NHS property after April 1

Source: National Health Executive Jan/Feb 2013

David Pokora, executive director of the LIFT Council, gives NHE his impression of the job facing NHS Property Services from April, and his verdict on the outcome of the PFI review in the Autumn Statement on December 5.

NHS Property Services, which is to be offi cially launched in April alongside the other major structural transitions to the health service that came out of the Health & Social Care Act, will maintain, manage and develop around 3,600 NHS facilities following the closing down of the SHAs and PCTs.

It will have 3,000 staff and its main leadership team is now in place, under chief executive Simon Holden.

NHE got a view on its prospects from NHS property expert David Pokora, who spent 26 years in the NHS, including 11 as chief executive of an acute trust, and is now executive director of the LIFT Council, which represents 95% of the private sector companies involved in LIFTCos around the country.

Asked about the relationship between the LIFTCos and the new NHS Property Services, and he said: “I think it will be a good one. Simon Holden as the new chief executive is starting to get to grips with his job, but he only started in September. They have got the most massive agenda in being able to get ready to be the operational manager of all this estate by April.

“Their first job is to ensure that they don’t drop the ball, and that they are able to ensure the NHS estate that transfers to them – it’s a signifi cant amount of individual buildings – is going to be ‘open for business’ and there’s no cock-ups on 1 April. That’s got to be their primary aim to begin with, all the mundane things.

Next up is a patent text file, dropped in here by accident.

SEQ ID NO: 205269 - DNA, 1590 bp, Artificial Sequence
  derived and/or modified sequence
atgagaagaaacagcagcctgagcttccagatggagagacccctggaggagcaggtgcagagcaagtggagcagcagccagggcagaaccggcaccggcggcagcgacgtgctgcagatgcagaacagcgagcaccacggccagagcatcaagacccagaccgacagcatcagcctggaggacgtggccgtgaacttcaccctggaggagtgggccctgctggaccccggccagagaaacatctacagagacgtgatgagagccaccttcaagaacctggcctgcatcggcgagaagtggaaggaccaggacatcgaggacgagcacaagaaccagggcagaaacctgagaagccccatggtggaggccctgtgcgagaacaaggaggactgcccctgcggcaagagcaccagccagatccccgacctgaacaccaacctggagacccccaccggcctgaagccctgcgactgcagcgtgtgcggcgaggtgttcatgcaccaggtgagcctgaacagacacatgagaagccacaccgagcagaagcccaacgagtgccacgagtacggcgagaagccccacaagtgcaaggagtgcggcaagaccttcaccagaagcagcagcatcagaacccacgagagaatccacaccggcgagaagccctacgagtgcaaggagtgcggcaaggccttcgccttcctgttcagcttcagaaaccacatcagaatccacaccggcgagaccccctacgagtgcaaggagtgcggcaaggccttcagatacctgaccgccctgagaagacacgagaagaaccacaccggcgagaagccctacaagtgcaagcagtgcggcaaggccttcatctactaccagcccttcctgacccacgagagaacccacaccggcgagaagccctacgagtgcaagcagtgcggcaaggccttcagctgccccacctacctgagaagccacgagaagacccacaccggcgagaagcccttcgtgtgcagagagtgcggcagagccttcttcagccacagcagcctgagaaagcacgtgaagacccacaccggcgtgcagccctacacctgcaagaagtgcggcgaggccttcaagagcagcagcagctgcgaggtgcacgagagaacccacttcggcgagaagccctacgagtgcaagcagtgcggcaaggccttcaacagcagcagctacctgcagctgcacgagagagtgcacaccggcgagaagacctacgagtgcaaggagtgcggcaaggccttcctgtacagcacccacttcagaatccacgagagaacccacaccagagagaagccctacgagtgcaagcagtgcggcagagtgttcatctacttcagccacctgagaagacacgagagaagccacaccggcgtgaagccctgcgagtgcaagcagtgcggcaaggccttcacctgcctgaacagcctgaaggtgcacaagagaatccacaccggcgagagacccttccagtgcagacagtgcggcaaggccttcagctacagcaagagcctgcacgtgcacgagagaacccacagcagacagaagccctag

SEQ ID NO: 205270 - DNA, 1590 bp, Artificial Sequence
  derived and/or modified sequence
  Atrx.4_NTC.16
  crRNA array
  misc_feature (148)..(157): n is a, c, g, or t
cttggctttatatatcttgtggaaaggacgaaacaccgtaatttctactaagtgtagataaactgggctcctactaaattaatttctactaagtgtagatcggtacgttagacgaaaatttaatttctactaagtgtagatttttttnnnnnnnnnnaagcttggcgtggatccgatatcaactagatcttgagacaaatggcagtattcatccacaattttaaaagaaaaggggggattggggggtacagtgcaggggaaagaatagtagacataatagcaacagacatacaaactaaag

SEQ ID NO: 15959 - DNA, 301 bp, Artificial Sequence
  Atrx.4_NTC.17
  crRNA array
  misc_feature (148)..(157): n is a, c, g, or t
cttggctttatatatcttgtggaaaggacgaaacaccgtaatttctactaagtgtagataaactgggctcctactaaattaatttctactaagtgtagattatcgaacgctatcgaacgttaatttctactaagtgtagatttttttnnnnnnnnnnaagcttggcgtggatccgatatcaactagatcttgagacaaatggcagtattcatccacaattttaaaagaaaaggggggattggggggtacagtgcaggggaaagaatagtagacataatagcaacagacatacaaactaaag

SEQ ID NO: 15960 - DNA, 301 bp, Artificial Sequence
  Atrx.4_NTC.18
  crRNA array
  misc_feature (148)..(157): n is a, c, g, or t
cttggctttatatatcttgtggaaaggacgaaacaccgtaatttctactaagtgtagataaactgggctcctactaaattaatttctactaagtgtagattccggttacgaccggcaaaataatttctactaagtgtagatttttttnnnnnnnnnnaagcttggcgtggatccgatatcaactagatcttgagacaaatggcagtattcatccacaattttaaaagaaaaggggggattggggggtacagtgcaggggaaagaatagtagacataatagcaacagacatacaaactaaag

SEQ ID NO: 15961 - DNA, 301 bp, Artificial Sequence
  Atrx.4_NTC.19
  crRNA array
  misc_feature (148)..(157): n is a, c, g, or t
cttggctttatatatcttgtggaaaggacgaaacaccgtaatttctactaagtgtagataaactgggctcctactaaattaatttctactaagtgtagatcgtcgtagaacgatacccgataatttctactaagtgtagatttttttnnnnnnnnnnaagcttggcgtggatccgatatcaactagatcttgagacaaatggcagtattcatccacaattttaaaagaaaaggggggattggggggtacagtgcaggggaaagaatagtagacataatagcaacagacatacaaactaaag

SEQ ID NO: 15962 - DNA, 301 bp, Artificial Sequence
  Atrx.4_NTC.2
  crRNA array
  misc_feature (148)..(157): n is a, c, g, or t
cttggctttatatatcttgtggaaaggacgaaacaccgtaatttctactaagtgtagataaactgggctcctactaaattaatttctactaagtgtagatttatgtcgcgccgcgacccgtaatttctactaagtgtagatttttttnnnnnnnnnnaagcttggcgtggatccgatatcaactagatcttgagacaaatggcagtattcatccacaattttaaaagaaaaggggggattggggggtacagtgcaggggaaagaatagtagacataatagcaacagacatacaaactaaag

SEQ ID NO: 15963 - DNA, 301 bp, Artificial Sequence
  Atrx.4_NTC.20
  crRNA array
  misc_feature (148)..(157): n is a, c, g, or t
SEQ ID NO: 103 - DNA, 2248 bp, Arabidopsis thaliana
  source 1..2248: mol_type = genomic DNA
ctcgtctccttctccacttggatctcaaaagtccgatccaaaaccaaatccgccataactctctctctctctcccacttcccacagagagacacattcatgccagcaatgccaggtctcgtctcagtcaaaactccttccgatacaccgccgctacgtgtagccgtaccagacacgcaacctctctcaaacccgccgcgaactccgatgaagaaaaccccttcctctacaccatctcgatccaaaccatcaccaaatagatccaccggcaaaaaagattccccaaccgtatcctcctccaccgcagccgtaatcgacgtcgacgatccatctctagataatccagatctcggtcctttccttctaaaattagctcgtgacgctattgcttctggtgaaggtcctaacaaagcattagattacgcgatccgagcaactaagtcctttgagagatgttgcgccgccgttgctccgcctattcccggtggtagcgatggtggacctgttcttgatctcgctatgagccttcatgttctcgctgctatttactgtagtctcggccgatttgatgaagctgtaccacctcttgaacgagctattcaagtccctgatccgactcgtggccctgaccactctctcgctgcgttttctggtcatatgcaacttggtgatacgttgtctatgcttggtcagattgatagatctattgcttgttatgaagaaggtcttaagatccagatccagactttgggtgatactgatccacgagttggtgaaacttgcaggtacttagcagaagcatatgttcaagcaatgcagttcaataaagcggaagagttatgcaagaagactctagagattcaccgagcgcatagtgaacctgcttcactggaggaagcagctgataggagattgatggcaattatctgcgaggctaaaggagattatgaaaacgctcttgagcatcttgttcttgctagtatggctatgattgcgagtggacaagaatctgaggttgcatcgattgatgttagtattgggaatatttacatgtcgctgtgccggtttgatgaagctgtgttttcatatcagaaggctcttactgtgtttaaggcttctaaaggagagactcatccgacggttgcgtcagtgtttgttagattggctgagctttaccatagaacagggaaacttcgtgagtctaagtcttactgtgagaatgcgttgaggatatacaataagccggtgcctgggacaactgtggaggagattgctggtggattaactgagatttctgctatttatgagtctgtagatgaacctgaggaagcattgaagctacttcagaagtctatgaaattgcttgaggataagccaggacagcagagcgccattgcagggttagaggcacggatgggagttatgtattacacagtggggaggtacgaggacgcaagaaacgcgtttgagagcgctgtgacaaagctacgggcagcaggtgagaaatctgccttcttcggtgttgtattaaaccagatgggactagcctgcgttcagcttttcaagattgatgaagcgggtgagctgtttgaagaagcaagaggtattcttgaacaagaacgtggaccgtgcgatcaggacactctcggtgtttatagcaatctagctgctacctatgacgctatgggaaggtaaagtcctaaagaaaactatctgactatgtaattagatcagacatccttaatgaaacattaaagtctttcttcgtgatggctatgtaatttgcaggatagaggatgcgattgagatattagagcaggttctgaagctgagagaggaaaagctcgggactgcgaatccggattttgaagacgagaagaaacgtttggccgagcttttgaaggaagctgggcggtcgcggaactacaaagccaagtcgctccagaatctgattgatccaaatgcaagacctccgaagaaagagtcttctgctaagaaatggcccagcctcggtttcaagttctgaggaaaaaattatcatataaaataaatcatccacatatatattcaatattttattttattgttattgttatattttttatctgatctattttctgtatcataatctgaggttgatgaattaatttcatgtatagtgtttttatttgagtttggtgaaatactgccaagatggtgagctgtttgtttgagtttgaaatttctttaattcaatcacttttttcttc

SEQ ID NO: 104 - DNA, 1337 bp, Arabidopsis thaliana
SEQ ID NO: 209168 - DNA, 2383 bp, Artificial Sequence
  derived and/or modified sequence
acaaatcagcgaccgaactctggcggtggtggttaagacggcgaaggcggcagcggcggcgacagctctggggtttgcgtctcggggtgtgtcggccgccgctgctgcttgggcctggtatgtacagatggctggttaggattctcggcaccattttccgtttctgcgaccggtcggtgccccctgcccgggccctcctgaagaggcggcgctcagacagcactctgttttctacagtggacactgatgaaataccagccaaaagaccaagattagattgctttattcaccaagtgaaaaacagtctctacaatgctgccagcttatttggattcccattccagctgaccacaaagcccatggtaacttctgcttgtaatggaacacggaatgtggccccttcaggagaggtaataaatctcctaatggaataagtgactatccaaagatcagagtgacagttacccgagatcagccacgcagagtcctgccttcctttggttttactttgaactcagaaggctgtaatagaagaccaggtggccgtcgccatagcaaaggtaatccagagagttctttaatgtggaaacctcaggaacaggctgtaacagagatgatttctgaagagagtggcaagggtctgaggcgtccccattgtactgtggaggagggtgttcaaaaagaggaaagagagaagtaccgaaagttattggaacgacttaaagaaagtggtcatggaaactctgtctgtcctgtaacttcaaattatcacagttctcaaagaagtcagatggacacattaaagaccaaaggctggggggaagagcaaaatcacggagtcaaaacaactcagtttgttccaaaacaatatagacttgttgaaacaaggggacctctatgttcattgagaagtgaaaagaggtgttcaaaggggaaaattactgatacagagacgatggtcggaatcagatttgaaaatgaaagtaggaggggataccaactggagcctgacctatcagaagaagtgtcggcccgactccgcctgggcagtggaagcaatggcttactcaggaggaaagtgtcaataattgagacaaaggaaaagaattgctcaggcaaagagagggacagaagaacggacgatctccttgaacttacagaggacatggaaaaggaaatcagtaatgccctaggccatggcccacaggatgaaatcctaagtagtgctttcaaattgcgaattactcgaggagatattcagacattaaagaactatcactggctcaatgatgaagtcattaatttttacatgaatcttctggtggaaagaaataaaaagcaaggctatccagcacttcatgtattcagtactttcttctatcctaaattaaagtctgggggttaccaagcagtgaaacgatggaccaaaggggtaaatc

“Frankly if you turn up at your GP surgery or health centre and you fi nd out you can’t get in because someone’s forgotten to unlock the door or put the heating on, that’s a major inconvenience. Unlocking a door may be a minor thing – but it’s a major problem if you’ve got staff and patients on the wrong side.

“Once it has all the fundamentals in place, then it can concentrate on how to improve the estate, making it better for patient care.

“The activity between the LIFT industry and NHS PS will really crank up from spring/ summer [2013]. Up until then, it’s going to be about building relationships, making sure they understand that where LIFT exists – as it’s not universal throughout England – it actually can play a role in making sure the ball doesn’t get dropped.”

He said the formation of NHS PS was the “inevitable conclusion” once the decision to disband PCTs and SHAs was taken, but that it won’t remain a permanent organisation.

He said: “I don’t foresee that in a handful of years that it will remain a national organisation.

“It’s right for this to happen now because otherwise there would have been a high risk that things would have not gone right post- April 1.

“But after a relatively short period of time I think the DH and NHS PS will start to think that it can’t be managed longer term without local input. But nobody’s really going to be thinking about that yet, though I do think there will have to be local input into how that estate is managed.”


The December 5 Autumn Statement included a long-trailed shift in PFI policy, announced by chancellor George Osborne following the PFI Review.